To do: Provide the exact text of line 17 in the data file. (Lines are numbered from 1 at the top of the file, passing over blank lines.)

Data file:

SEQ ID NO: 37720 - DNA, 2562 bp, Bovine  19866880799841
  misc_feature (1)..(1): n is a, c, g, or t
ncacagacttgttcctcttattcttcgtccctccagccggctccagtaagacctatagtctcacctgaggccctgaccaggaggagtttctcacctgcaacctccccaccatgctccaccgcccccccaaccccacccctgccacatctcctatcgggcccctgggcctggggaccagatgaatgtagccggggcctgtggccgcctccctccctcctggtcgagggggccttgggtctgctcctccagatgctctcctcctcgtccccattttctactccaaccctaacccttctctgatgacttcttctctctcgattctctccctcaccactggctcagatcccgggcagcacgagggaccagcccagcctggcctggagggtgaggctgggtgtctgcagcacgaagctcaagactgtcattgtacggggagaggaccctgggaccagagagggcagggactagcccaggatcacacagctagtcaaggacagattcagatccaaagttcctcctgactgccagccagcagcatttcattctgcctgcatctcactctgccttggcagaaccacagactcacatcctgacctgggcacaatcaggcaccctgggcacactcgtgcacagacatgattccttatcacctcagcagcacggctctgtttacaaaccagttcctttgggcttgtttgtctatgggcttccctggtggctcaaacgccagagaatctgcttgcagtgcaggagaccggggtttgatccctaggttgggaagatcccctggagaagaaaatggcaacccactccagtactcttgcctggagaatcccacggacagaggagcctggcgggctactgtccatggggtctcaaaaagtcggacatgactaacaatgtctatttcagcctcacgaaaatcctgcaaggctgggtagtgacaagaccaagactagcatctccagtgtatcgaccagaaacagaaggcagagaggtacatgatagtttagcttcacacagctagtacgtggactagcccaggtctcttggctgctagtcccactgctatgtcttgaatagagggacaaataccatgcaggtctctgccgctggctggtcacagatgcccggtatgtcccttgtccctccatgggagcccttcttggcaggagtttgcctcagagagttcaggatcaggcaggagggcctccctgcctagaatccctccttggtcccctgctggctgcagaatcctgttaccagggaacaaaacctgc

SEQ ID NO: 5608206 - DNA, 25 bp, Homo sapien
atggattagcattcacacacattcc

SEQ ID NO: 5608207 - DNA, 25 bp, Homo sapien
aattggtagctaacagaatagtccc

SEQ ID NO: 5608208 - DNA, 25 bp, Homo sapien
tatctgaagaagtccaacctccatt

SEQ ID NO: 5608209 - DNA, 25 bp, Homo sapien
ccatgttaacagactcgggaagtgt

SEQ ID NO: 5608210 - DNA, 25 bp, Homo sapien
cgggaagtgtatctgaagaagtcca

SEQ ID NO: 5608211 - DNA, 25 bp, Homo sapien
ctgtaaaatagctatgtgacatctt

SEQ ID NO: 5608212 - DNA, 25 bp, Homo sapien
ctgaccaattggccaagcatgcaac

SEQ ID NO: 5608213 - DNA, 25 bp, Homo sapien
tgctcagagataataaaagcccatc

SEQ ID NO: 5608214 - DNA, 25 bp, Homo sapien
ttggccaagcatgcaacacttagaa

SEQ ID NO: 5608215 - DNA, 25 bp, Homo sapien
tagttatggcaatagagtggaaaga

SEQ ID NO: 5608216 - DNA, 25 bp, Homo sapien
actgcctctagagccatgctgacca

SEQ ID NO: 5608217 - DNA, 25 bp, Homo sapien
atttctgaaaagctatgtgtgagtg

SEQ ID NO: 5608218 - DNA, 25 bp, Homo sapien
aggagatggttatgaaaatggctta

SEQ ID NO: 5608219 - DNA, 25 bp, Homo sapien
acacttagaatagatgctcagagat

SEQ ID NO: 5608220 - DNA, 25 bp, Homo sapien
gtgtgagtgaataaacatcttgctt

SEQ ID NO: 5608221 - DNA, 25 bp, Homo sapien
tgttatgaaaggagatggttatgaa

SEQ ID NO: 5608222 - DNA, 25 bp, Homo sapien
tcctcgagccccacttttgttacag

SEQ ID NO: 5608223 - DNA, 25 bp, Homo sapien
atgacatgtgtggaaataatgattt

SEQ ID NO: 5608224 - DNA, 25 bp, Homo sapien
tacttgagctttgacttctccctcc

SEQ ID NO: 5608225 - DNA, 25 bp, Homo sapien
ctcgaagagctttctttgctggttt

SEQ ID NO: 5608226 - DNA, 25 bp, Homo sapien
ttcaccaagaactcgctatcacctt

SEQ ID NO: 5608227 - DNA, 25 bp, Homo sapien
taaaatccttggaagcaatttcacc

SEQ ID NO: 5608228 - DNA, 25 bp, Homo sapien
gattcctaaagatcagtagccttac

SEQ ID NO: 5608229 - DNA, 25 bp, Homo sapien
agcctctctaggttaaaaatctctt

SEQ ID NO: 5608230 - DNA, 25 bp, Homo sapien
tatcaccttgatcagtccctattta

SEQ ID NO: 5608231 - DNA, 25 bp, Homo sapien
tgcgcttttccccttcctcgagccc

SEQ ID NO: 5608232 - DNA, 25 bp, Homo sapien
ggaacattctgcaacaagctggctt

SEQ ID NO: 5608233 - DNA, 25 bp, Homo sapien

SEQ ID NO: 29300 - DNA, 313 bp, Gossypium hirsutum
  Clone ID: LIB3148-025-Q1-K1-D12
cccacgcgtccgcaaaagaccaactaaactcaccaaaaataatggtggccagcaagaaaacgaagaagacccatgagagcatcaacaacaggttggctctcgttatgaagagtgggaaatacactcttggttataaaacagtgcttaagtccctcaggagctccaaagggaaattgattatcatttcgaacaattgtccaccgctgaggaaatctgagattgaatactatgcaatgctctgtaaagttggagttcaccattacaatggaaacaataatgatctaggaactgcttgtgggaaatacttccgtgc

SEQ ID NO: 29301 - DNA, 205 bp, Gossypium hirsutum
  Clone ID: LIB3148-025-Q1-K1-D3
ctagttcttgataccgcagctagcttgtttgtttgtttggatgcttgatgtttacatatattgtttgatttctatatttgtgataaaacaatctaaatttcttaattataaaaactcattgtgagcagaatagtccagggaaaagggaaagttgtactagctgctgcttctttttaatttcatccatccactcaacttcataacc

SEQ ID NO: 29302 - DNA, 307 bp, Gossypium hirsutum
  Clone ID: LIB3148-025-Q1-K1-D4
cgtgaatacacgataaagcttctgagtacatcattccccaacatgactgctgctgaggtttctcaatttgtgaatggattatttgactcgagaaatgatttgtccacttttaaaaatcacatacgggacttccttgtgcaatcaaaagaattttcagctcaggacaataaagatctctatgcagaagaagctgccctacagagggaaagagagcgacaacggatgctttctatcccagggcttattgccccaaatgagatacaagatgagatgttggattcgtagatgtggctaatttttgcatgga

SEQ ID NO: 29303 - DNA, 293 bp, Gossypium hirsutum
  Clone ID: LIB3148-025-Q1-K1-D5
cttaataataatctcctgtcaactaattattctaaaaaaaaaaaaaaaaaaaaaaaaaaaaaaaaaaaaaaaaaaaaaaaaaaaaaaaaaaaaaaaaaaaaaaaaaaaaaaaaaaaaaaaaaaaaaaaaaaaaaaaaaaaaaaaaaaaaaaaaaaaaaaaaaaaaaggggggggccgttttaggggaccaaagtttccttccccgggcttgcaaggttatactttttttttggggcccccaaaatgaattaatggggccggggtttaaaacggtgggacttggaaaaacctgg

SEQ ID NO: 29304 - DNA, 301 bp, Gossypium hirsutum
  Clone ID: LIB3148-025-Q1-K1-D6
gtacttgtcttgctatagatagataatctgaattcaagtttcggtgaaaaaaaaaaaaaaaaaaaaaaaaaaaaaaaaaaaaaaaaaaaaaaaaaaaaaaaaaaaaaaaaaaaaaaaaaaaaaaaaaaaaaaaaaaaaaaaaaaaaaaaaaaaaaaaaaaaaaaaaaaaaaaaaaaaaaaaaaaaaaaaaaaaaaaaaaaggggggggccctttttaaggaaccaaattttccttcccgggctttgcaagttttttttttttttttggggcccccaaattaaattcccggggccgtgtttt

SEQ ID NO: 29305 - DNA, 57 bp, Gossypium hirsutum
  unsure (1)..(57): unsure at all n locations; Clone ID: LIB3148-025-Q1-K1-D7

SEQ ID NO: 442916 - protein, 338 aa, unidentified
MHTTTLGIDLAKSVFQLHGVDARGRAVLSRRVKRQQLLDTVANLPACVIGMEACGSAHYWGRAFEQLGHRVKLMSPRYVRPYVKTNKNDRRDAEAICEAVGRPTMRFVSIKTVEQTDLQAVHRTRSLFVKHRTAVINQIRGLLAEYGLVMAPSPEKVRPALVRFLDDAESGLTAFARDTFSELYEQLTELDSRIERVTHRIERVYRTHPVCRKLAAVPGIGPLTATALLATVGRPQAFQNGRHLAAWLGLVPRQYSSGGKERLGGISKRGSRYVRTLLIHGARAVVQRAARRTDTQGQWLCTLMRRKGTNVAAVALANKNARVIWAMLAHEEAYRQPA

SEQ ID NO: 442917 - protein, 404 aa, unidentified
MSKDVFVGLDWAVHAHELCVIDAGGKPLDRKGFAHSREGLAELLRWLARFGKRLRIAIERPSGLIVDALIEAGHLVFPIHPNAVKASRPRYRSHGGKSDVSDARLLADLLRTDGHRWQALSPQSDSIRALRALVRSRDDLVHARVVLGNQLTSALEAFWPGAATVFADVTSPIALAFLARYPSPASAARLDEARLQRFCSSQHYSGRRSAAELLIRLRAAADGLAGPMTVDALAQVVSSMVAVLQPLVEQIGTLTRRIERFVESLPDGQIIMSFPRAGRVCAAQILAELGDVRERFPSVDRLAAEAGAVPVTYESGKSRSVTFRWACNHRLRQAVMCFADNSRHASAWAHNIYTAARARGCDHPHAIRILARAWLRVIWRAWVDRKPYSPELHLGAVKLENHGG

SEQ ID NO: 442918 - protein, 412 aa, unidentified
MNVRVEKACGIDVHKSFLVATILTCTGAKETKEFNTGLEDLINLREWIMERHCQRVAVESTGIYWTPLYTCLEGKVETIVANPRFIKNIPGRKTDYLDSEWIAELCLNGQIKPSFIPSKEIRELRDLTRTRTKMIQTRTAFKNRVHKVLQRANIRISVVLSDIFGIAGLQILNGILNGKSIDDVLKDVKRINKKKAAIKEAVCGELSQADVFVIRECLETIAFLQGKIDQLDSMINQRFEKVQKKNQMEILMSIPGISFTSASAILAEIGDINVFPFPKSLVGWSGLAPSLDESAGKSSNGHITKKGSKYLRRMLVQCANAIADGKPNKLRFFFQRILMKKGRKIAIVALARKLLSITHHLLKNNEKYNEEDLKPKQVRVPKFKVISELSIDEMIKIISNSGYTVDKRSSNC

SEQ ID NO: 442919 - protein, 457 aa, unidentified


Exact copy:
ctgaccaattggccaagcatgcaac